May 19 - Bipartisan Group of U.S. Reps and U.S. Senators Call for Support for Children, Youth, and Families Experiencing Homelessness
Bipartisan letters were sent this week by Members of Congress to House and Senate leadership requesting increased funding for children, youth, and families experiencing homelessness in the next COVID-19 relief legislation that Congress approves. The House letter was led by U.S. Representatives John Yarmuth (D-KY), Don Bacon (R-NE), and Danny K. Davis (D-IL); the Senate letter was led by U.S. Senators Lisa Murkowski (R-AK), Joe Manchin (D-WV), Dan Sullivan (R-AK), and Kyrsten Sinema (D-AZ).
The letters request specific support through the Education for Homeless Children and Youth Program, the Runaway and Homeless Youth Act program, Trafficking Prevention, and a new Family Stabilization Fund through the Administration for Children and Families at the U.S. Department of Health and Human Services.
Now more than ever, these children and youth need our attention. Yet, they have been largely left out of previous coronavirus legislation, including the CARES Act and the HEROES Act. In order to prevent further harm, dedicated resources are needed through the programs and systems that are best positioned to immediately help children, youth, and families experiencing homelessness, and ensure their long-term stability. Ask your Members of Congress to support children, youth, and families experiencing homelessness today! Learn more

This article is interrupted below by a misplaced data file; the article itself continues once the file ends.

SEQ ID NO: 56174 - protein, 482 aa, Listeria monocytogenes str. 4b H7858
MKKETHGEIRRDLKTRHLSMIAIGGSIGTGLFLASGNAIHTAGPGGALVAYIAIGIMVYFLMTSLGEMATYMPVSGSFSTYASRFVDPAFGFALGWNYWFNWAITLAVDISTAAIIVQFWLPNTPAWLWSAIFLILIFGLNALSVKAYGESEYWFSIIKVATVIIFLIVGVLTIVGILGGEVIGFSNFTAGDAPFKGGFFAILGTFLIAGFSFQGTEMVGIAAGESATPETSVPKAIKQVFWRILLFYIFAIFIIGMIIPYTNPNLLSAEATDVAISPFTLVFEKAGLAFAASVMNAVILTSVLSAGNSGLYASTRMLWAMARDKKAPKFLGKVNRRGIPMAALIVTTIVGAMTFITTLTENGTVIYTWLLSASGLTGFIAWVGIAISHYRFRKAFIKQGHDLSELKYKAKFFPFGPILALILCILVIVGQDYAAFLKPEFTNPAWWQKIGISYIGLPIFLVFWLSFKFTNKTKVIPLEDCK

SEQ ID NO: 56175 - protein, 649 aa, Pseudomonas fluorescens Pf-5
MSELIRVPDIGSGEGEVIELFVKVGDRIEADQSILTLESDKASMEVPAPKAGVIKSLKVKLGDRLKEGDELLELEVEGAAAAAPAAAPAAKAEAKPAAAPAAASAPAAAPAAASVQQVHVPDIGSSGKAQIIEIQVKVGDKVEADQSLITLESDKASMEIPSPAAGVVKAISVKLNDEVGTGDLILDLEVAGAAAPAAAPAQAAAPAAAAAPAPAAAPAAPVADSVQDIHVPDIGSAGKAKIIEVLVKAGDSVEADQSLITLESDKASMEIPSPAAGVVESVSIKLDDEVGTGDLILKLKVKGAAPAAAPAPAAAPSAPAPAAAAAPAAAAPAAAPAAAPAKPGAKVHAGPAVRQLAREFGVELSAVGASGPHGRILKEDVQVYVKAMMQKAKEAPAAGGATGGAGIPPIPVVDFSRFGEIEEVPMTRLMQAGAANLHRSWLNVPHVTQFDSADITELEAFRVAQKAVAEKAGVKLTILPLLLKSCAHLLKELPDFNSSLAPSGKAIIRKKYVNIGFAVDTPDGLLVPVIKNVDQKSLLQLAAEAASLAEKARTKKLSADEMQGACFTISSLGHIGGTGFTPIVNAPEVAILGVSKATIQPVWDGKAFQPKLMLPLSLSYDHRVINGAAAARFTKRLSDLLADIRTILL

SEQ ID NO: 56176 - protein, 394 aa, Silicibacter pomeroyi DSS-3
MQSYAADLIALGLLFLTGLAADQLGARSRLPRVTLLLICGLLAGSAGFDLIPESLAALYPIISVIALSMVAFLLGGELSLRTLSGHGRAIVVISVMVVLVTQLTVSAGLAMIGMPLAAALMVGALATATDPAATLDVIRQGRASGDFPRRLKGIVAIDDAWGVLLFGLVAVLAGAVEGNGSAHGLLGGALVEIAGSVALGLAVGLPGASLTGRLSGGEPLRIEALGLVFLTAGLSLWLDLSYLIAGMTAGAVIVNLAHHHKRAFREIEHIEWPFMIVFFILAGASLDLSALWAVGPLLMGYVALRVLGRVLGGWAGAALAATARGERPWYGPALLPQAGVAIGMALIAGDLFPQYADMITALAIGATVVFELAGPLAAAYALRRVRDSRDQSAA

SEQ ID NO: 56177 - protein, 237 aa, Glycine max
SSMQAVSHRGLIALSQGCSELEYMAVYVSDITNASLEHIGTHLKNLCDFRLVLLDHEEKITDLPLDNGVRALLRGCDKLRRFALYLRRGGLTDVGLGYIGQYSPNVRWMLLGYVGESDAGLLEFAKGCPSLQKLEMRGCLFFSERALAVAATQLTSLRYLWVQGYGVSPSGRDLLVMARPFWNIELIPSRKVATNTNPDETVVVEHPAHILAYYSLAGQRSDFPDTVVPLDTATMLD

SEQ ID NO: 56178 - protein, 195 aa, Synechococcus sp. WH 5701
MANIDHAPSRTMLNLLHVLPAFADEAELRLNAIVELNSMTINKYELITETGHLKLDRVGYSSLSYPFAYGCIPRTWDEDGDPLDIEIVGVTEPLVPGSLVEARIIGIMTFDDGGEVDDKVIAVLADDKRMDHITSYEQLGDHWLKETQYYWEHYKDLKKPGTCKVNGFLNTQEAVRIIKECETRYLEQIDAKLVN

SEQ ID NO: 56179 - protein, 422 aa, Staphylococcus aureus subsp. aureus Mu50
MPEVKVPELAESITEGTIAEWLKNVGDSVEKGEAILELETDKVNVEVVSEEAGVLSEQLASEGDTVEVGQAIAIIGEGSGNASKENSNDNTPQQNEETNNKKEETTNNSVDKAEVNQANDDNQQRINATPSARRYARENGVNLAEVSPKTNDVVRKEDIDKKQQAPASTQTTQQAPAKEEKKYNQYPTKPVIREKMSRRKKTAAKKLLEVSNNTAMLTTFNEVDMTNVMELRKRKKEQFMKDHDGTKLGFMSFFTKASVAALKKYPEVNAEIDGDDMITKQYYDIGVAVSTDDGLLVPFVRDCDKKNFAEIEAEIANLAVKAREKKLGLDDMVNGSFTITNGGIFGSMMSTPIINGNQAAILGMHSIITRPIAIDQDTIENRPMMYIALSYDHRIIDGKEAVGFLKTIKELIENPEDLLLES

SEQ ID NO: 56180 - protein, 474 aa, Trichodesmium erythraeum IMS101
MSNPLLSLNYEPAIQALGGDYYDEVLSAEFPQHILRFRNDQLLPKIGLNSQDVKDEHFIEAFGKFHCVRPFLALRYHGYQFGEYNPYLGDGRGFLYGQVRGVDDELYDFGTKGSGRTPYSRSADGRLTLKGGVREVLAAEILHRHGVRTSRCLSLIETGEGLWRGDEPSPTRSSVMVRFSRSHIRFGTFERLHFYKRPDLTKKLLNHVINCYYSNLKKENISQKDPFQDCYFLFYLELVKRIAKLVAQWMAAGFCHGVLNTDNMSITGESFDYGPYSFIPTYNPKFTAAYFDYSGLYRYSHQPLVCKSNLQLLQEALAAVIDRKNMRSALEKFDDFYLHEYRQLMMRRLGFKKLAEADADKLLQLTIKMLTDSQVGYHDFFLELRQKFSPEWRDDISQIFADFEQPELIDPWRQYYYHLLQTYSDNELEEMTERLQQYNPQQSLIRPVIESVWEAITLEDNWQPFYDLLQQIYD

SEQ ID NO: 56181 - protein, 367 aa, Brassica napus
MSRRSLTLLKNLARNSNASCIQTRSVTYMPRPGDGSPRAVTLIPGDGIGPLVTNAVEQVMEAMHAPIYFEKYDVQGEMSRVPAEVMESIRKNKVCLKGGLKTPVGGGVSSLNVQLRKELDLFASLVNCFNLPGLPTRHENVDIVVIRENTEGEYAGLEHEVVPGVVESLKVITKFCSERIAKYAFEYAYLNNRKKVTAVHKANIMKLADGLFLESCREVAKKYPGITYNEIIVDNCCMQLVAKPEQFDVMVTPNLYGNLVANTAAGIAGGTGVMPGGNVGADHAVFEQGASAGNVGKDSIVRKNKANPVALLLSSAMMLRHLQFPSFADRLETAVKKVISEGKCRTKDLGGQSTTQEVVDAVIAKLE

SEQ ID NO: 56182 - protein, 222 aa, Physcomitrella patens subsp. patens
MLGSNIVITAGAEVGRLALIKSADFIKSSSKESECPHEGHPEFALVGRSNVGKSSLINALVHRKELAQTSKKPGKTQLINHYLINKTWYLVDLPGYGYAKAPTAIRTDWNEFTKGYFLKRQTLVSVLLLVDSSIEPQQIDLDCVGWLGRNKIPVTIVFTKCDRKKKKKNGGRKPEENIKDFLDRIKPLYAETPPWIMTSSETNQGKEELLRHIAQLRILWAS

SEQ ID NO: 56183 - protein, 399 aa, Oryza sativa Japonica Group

May 12 - Support Homeless and Trafficked Children, Youth, and Families in the Next COVID Relief Bill
U.S. Representatives John Yarmuth (D-KY), Don Bacon (R-NE), and Danny K. Davis (D-IL) are circulating a bipartisan “Dear Colleague Letter” to House leadership requesting support for children, youth, and families experiencing homelessness and for survivors of human trafficking in the next coronavirus relief package. Learn more
May 11 - Joint Statement of Education and Civil Rights Organizations on Equitable Education During COVID-19
Signed by over 50 organizations, this statement provides promising practices and recommendations to school administrators, teachers, parents, education and civil rights advocates, and policymakers who are working hard to educate and care for America’s students in this unprecedented time of crisis. It focuses on five important areas requiring attention to ensure student success: distance learning and digital access, delivery of school meals, instruction for students with disabilities, instruction for students experiencing homelessness, and combatting discrimination based on race and national origin, including for English learners. Learn more